By Katie Corbett
Here’s the next part of the essay on writing. Enjoy!
Finding inspiration used to be one of the biggest road-blocks for me. I used to just write whenever the mood struck, but that wasn’t nearly enough to justify writing every day. Fortunately, I discovered “Naming the World,” by Bret Anthony Johnston. The book is packed with writing prompts and exercises on every topic pertaining to writing, from starting stories, to character development, to point-of-view and tone. Without the prompts to spark my muse, I’d still be sitting at my keyboard, waiting for her to show up.
As for word-count, I try to write at least 500 words per day. The guideline gives me something to push for, yet it is attained easily enough to not be an arduous rule. This is necessary as I am still adjusting to having the full-time job I started in January, which doesn’t leave me much time to write.
As with anything, maintaining balance is most challenging. I love to write, but I love to read as well—fiction and nonfiction alike. I have also decided I want to research getting an MFA in fiction, so research—not to mention applying to prospective programs—cuts into my available time. I try to write a short piece or poem each night, because I can usually spare an hour or two in the evenings for my personal pursuits, and sometimes I’ll have gained ideas or inspiration throughout the day. Then, I might read a bit of nonfiction—mostly pertaining to the craft of writing. While I’m lying in bed at night, I’ll break out a novel or collection of short stories and read a chapter or story—or two. I also read fiction while on the bus traveling to and from work, which, in addition to making my commute more interesting, buys me a little more time to write each day.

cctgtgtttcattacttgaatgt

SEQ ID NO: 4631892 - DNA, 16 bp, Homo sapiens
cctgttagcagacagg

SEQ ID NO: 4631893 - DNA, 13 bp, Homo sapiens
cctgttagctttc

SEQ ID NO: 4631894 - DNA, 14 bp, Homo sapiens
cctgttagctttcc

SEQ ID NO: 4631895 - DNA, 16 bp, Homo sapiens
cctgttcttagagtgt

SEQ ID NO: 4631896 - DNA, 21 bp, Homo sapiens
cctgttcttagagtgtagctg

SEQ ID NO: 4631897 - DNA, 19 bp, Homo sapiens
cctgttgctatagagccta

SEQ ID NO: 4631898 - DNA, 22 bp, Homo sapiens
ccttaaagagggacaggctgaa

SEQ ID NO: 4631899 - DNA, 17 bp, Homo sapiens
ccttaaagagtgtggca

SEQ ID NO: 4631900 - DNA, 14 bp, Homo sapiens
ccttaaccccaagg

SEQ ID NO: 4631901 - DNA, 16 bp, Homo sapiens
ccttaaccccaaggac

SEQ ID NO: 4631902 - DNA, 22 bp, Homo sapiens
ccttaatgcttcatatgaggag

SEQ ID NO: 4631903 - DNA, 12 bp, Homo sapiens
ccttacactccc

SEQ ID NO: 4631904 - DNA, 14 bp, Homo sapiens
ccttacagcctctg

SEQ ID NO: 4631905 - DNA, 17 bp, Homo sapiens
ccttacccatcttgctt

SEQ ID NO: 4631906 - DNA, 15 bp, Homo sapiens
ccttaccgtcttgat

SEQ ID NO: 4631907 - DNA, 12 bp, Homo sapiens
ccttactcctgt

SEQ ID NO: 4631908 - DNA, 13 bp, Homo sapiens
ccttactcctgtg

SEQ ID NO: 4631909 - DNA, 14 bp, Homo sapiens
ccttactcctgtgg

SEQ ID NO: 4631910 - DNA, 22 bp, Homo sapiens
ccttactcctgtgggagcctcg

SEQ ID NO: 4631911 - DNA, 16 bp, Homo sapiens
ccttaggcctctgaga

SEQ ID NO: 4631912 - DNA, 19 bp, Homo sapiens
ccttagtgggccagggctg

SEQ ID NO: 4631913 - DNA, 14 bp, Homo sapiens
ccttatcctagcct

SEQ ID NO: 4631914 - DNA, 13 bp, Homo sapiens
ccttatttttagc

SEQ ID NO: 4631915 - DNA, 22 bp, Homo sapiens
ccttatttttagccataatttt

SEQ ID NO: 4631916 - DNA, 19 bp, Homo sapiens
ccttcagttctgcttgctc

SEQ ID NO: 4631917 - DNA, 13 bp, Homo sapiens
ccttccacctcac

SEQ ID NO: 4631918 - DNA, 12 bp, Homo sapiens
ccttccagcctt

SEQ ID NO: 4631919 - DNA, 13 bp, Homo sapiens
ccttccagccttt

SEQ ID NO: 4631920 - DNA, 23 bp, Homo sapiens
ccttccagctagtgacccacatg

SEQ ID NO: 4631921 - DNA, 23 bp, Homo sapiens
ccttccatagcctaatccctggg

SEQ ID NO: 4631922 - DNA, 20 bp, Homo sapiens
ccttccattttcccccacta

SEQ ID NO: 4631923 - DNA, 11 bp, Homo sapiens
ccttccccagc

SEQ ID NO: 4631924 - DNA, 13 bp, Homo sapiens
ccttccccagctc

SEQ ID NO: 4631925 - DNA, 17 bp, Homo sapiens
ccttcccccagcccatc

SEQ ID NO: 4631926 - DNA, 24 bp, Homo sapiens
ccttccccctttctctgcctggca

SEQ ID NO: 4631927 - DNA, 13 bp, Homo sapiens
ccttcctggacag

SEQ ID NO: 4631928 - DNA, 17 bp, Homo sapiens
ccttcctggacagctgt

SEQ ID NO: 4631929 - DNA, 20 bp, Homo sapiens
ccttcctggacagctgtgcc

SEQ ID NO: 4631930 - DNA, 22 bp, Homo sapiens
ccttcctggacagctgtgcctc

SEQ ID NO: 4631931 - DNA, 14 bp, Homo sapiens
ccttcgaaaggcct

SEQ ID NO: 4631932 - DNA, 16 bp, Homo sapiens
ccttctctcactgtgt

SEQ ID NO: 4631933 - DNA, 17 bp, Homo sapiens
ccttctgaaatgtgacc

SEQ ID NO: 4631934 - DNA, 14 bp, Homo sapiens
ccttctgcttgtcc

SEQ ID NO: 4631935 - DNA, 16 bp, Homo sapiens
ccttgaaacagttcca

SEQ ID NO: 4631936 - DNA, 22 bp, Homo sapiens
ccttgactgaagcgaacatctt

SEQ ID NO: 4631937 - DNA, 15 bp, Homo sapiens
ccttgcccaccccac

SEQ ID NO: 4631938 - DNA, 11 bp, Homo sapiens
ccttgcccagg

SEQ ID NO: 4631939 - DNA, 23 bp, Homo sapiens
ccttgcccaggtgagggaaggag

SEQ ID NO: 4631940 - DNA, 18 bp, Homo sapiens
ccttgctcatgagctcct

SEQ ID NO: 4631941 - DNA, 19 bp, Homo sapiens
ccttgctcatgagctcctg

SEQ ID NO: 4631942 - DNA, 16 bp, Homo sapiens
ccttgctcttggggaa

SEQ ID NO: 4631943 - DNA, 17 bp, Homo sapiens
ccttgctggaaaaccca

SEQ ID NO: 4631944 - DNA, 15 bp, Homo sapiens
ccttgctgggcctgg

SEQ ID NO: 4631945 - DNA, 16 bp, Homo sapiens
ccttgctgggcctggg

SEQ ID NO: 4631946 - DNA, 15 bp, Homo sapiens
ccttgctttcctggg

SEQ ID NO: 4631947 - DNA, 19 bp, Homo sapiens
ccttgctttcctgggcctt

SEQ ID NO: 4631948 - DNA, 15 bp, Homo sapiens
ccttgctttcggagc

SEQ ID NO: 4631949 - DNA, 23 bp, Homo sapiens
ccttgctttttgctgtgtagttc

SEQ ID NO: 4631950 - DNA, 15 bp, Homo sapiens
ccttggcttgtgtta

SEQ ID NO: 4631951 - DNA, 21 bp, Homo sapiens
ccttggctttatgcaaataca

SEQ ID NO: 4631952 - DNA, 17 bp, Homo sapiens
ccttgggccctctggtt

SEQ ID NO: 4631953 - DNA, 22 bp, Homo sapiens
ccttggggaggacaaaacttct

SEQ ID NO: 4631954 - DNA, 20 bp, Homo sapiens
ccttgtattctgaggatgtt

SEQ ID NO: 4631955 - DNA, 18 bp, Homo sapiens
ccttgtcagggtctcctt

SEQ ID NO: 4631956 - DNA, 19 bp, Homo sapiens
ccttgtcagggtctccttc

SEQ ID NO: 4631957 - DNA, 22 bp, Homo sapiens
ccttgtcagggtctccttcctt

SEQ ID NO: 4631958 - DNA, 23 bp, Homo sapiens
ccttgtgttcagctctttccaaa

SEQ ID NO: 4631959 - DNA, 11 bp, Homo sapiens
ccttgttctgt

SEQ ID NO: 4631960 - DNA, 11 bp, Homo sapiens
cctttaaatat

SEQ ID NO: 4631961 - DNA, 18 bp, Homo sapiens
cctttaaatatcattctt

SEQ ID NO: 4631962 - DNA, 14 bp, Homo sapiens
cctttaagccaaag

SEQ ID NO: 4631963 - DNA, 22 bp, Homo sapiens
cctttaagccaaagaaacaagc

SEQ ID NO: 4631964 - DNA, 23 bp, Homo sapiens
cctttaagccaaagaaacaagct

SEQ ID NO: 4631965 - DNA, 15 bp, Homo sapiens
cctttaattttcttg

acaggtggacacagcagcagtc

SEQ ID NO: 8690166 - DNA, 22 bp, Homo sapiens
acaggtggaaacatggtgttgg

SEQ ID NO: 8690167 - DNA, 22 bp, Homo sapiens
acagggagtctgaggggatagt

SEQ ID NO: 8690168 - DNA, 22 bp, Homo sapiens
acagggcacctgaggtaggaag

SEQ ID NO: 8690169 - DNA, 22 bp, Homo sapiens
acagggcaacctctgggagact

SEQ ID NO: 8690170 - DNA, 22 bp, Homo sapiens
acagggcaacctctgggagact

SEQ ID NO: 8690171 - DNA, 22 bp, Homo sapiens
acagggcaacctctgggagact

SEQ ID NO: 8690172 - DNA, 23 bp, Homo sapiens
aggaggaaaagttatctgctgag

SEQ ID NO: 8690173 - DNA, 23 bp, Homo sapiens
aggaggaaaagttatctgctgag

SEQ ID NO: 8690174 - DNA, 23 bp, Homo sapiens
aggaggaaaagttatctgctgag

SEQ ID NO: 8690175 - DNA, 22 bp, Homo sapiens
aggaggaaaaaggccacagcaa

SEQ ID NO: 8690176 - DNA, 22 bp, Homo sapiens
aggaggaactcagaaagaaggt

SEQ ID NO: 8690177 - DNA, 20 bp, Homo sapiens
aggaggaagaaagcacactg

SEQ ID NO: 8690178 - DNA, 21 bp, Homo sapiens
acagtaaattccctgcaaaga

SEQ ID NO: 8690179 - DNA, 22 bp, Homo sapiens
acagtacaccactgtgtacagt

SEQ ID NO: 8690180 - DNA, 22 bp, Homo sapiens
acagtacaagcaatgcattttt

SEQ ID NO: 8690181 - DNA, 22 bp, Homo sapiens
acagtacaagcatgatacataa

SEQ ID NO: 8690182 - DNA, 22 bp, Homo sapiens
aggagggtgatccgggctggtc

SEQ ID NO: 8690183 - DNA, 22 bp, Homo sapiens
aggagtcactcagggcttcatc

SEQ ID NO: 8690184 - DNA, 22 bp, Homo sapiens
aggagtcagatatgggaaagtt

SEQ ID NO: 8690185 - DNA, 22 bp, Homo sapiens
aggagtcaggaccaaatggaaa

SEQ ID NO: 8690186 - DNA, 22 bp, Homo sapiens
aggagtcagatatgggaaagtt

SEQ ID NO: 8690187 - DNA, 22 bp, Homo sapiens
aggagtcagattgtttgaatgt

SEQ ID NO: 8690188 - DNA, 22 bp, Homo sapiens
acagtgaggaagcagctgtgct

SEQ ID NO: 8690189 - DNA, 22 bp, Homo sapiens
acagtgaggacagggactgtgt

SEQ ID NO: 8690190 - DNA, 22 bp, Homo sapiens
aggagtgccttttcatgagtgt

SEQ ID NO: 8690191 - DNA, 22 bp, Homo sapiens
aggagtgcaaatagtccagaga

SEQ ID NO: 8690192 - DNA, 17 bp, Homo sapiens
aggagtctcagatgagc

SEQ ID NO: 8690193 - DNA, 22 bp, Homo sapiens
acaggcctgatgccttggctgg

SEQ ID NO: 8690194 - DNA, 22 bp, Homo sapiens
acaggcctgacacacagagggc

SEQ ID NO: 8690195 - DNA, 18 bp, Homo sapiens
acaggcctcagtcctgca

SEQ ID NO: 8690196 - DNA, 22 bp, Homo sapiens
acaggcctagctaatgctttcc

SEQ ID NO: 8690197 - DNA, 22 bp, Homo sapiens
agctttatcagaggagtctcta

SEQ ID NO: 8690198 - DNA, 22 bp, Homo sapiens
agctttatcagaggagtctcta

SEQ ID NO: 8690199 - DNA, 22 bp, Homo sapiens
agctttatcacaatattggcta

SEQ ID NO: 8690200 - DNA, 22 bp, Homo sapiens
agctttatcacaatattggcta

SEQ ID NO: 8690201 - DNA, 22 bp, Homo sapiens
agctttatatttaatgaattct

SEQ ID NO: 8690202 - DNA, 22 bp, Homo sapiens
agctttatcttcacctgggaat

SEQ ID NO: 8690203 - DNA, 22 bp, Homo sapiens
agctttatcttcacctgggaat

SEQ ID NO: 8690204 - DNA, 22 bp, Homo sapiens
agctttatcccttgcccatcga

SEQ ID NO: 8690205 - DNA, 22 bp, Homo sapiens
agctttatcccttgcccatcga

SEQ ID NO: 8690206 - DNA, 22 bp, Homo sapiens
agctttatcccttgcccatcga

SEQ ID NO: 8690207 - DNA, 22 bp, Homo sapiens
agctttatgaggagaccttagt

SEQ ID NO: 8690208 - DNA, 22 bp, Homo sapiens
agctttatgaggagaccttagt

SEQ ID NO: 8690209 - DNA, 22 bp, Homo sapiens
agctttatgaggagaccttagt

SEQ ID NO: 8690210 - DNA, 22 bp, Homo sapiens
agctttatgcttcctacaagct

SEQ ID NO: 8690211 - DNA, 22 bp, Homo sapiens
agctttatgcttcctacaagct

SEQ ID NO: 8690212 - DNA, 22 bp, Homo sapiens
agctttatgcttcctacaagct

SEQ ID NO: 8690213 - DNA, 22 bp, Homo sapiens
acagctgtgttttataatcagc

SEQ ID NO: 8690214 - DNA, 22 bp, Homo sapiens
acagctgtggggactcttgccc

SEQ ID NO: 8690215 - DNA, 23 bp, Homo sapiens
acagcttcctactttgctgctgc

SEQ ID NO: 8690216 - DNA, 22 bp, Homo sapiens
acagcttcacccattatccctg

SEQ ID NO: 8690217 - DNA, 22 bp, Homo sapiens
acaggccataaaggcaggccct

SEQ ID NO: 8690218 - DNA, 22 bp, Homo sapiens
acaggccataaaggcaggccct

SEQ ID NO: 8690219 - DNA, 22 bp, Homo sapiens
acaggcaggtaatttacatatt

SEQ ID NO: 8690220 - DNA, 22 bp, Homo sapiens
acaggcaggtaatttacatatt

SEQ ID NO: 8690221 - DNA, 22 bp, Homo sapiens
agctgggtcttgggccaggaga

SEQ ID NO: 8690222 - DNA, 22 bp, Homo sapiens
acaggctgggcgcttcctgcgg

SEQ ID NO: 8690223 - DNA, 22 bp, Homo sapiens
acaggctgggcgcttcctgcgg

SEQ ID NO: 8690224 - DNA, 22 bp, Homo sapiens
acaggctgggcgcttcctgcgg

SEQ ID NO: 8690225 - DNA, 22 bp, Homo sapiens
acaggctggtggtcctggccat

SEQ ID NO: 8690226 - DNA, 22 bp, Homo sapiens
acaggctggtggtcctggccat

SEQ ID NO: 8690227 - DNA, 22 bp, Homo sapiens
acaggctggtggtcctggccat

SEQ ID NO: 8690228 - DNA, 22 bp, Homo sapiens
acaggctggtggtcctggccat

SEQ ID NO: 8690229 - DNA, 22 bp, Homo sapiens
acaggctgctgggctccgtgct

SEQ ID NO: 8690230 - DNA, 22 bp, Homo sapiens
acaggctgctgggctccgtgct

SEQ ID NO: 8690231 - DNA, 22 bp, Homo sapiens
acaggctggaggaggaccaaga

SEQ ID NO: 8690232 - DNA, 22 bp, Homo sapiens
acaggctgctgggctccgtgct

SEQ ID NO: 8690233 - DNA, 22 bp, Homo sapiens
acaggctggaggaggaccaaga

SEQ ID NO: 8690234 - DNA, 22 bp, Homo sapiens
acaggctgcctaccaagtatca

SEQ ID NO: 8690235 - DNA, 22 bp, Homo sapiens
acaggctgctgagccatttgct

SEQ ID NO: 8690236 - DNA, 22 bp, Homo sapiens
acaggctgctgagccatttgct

The one area which still lacks a time-slot in my schedule right now is seeking potential places to publish my work. I have the resources—I’ve gotten a few books that list literary magazines and publishing houses—but I haven’t put much effort into setting a time to do market research. Part of that might be a confidence issue. I keep wondering why anyone would want to read my writing. All writers have this problem, though, so once I get back into a critique group—and into a network of supportive fellow writers who know the struggles and set-backs writers face—I think it might be easier to have faith in my pieces as potentially-publishable works.
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